forum SignWriting List Forum
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From:  "Wayne H. Smith"
Date:  Sat May 29, 1999  4:18 pm
Subject:  Re: New SignWriter Features?

Wayne had written:
> > I had an afterthought on this, too. Would the menus be in English
> > ASL, or could they be in other languages too? For example, is there the
> > option for the menus to be in Mandarin and/or TSL? If so, would you
> > our input as to the correct signs for each menu item? It seems that
> > might necessarily add a lot of (perhaps unnecessary) individualization
> > the program that would just cost more time and money in the development
> > stage, but for what it's worth.....

Mark wrote:
>I can say with a fair degree of
>certainty that if SW is going to take off here [Japan], there will have to
>be a
>Japanese language access to the program, and it will need to work with a
>wide variety of printers as well.

Very true. No matter how well a person may know English, an
computer system would be challenging for a user of Japanese, Chinese, or
I speak from experience. Although my Chinese is very good, I still have a
heck of
a time trying to figure out the pull-down tabs on the Chinese version of
which is the system I use both at work here [Taiwan] and at home on my
Chinese is one thing, but Chinese computer-speak is another ball game.

>Wayne, I would be interested in taking a look at the handshapes you have
>created. You are amazing--figuring out how to make them yourself. I have
>been "going to" send Valerie a video of the Japanese fingerspelling
>alphabet along with a few key signs so that she could add a Japanese
>version to SW 4.3, but after six months, its still not done. Alas.

I'll be sending them to Valerie fairly soon. I've already sent her
photos of most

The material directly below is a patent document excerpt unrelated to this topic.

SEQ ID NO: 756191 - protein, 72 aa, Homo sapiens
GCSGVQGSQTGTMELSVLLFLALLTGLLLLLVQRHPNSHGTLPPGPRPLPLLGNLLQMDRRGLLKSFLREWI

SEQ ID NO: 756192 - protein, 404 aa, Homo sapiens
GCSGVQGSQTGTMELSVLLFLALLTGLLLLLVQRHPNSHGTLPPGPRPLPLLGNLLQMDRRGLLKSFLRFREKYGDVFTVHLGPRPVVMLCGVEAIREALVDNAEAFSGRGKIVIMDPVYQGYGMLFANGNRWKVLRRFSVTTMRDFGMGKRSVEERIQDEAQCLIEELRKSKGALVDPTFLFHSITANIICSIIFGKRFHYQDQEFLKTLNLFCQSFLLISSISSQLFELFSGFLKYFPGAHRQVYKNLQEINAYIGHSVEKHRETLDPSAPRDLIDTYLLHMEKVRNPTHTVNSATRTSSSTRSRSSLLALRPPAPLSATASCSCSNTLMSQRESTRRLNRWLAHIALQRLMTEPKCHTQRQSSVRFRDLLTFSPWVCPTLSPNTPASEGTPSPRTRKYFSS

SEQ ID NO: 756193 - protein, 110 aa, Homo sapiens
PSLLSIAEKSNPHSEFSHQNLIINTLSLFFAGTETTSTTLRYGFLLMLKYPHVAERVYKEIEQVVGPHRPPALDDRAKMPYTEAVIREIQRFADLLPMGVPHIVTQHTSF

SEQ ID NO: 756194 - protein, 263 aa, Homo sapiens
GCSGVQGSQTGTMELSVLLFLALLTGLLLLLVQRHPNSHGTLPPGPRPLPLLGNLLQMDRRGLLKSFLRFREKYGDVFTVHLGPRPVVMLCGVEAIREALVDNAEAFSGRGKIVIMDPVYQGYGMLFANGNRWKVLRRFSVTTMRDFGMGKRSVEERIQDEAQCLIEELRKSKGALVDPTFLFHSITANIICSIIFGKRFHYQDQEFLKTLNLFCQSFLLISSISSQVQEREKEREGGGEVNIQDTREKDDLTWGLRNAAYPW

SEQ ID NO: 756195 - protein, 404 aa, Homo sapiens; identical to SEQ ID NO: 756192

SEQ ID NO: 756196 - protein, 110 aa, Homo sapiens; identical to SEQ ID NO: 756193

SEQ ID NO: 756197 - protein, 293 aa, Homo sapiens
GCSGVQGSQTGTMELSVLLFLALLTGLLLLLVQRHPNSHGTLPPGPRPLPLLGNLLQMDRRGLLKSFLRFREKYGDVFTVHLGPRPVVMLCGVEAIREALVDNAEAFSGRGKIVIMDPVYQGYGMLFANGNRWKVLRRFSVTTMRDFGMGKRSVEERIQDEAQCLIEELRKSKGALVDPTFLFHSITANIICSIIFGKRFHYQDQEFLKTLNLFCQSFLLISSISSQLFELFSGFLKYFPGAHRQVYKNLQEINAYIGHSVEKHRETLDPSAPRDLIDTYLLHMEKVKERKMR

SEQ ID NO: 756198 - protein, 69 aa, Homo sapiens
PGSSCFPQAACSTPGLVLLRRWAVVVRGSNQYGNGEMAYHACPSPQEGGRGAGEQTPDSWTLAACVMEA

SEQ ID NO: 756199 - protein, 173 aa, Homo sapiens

of the weird TSL handshapes. I then keep discovering new ones, like
which is the extended thumb, middle, and pinky, the other two folded in
the palm.
From what I know and have read of Valerie, I'm sure she will do all she
can to
produce a keyboard of the Japanese kana fingerspelling. Printed versions of
fingerspelling are available even in the States. I found copies of it at
CSUN over
20 years ago. But Valerie won't be able to do much unless you get your act
and send it to her. So, what were you originally planning on doing tonight?
Too bad
you'll have to cancel!! (smile)

>My guess is that Japanese has similar handshapes. I've heard that the
>crossover in Japanese and Taiwanese sign is about 80%. Is there any way you
>can send a dictionary file? I'm not familiar enough with the program to
>know how they work. I've made a little dictionary of about 10 or so JSL
>signs, but actually, I just added them to the ASL dictionary that came with
>the program, so I don't know if it would be much help. I could send you the
>..sgn file that the signs were originally written in, though.

I doubt the similarity is that great. A non-scientific survey of JSL
and TSL
signs that I did some twenty years ago showed that about half were either
same or similar, but that was then, and I have lots more TSL data now than
then. I found about the same percentage of similarity between TSL and
Sign. Of course both Taiwan and Korea were occupied by the Japanese for
extensive periods of time and JSL was brought to both places. It does make
for convenient communication between the Deaf communities in those three
places, however.
I'm still working on the TSL dictionary: SW886.DIC. It'll be a while
because I'm still learning SW and still collecting TSL signs. I have a
of over 10000 items, but many of them are duplications and others are com-
pounds, so probably closer to about 3000-4000 actual different signs. When
I feel better about the accuracy of what I have, I'll send you a sample. I
to go to Japan in the fall, so if you're there we should get together and
notes. You're also welcome here in Taiwan.

Love to all,

- Wayne

  Replies Author Date
1449 IMPORTANT MESSAGE :-) Valerie Sutton Thu  6/10/1999

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